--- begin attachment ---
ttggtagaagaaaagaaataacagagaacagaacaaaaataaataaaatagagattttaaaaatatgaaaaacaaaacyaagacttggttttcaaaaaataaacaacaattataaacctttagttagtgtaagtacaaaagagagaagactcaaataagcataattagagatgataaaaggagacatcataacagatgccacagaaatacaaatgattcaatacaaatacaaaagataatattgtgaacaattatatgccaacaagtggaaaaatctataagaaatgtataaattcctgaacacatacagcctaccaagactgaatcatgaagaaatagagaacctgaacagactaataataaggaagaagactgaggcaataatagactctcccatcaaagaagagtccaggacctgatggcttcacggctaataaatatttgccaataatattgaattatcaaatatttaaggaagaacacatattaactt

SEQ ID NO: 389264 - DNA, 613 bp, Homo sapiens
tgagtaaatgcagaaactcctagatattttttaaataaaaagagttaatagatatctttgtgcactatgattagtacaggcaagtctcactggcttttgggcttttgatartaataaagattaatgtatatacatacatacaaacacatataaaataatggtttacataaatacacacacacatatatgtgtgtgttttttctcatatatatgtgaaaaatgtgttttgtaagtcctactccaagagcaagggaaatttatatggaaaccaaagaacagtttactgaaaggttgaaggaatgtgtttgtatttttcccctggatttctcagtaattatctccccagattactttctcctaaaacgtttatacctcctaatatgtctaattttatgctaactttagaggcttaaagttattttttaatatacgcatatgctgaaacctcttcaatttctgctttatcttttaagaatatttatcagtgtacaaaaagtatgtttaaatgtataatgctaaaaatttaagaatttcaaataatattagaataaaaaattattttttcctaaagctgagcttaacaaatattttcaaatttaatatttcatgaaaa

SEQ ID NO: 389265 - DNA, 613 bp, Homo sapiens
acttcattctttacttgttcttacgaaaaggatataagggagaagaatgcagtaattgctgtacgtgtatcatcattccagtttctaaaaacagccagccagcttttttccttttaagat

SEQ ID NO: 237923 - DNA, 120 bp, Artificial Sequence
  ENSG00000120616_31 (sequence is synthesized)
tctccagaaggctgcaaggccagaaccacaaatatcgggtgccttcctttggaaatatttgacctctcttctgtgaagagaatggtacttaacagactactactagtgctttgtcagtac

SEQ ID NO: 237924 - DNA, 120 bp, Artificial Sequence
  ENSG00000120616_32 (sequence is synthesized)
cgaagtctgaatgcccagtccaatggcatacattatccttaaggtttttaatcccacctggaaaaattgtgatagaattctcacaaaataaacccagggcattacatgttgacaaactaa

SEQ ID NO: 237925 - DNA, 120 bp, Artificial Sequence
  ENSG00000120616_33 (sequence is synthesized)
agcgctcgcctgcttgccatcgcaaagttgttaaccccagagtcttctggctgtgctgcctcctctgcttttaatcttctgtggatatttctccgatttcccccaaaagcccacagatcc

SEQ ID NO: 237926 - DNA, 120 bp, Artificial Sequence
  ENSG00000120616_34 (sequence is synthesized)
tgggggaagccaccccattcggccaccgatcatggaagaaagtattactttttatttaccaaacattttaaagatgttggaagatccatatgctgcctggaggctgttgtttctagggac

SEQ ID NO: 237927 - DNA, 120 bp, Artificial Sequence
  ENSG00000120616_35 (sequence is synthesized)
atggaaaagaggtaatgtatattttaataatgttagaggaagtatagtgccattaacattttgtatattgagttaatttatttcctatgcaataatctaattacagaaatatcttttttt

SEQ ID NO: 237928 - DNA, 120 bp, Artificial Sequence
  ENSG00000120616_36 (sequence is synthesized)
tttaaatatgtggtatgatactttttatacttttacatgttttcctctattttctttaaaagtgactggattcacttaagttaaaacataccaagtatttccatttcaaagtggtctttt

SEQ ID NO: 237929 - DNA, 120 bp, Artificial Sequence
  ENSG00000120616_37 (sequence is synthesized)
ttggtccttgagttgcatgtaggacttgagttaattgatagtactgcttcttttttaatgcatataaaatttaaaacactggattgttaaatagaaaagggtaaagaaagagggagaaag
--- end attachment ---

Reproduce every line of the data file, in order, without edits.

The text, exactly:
ttggtagaagaaaagaaataacagagaacagaacaaaaataaataaaatagagattttaaaaatatgaaaaacaaaacyaagacttggttttcaaaaaataaacaacaattataaacctttagttagtgtaagtacaaaagagagaagactcaaataagcataattagagatgataaaaggagacatcataacagatgccacagaaatacaaatgattcaatacaaatacaaaagataatattgtgaacaattatatgccaacaagtggaaaaatctataagaaatgtataaattcctgaacacatacagcctaccaagactgaatcatgaagaaatagagaacctgaacagactaataataaggaagaagactgaggcaataatagactctcccatcaaagaagagtccaggacctgatggcttcacggctaataaatatttgccaataatattgaattatcaaatatttaaggaagaacacatattaactt

SEQ ID NO: 389264 - DNA, 613 bp, Homo sapiens
tgagtaaatgcagaaactcctagatattttttaaataaaaagagttaatagatatctttgtgcactatgattagtacaggcaagtctcactggcttttgggcttttgatartaataaagattaatgtatatacatacatacaaacacatataaaataatggtttacataaatacacacacacatatatgtgtgtgttttttctcatatatatgtgaaaaatgtgttttgtaagtcctactccaagagcaagggaaatttatatggaaaccaaagaacagtttactgaaaggttgaaggaatgtgtttgtatttttcccctggatttctcagtaattatctccccagattactttctcctaaaacgtttatacctcctaatatgtctaattttatgctaactttagaggcttaaagttattttttaatatacgcatatgctgaaacctcttcaatttctgctttatcttttaagaatatttatcagtgtacaaaaagtatgtttaaatgtataatgctaaaaatttaagaatttcaaataatattagaataaaaaattattttttcctaaagctgagcttaacaaatattttcaaatttaatatttcatgaaaa

SEQ ID NO: 389265 - DNA, 613 bp, Homo sapiens
acttcattctttacttgttcttacgaaaaggatataagggagaagaatgcagtaattgctgtacgtgtatcatcattccagtttctaaaaacagccagccagcttttttccttttaagat

SEQ ID NO: 237923 - DNA, 120 bp, Artificial Sequence
  ENSG00000120616_31 (sequence is synthesized)
tctccagaaggctgcaaggccagaaccacaaatatcgggtgccttcctttggaaatatttgacctctcttctgtgaagagaatggtacttaacagactactactagtgctttgtcagtac

SEQ ID NO: 237924 - DNA, 120 bp, Artificial Sequence
  ENSG00000120616_32 (sequence is synthesized)
cgaagtctgaatgcccagtccaatggcatacattatccttaaggtttttaatcccacctggaaaaattgtgatagaattctcacaaaataaacccagggcattacatgttgacaaactaa

SEQ ID NO: 237925 - DNA, 120 bp, Artificial Sequence
  ENSG00000120616_33 (sequence is synthesized)
agcgctcgcctgcttgccatcgcaaagttgttaaccccagagtcttctggctgtgctgcctcctctgcttttaatcttctgtggatatttctccgatttcccccaaaagcccacagatcc

SEQ ID NO: 237926 - DNA, 120 bp, Artificial Sequence
  ENSG00000120616_34 (sequence is synthesized)
tgggggaagccaccccattcggccaccgatcatggaagaaagtattactttttatttaccaaacattttaaagatgttggaagatccatatgctgcctggaggctgttgtttctagggac

SEQ ID NO: 237927 - DNA, 120 bp, Artificial Sequence
  ENSG00000120616_35 (sequence is synthesized)
atggaaaagaggtaatgtatattttaataatgttagaggaagtatagtgccattaacattttgtatattgagttaatttatttcctatgcaataatctaattacagaaatatcttttttt

SEQ ID NO: 237928 - DNA, 120 bp, Artificial Sequence
  ENSG00000120616_36 (sequence is synthesized)
tttaaatatgtggtatgatactttttatacttttacatgttttcctctattttctttaaaagtgactggattcacttaagttaaaacataccaagtatttccatttcaaagtggtctttt

SEQ ID NO: 237929 - DNA, 120 bp, Artificial Sequence
  ENSG00000120616_37 (sequence is synthesized)
ttggtccttgagttgcatgtaggacttgagttaattgatagtactgcttcttttttaatgcatataaaatttaaaacactggattgttaaatagaaaagggtaaagaaagagggagaaag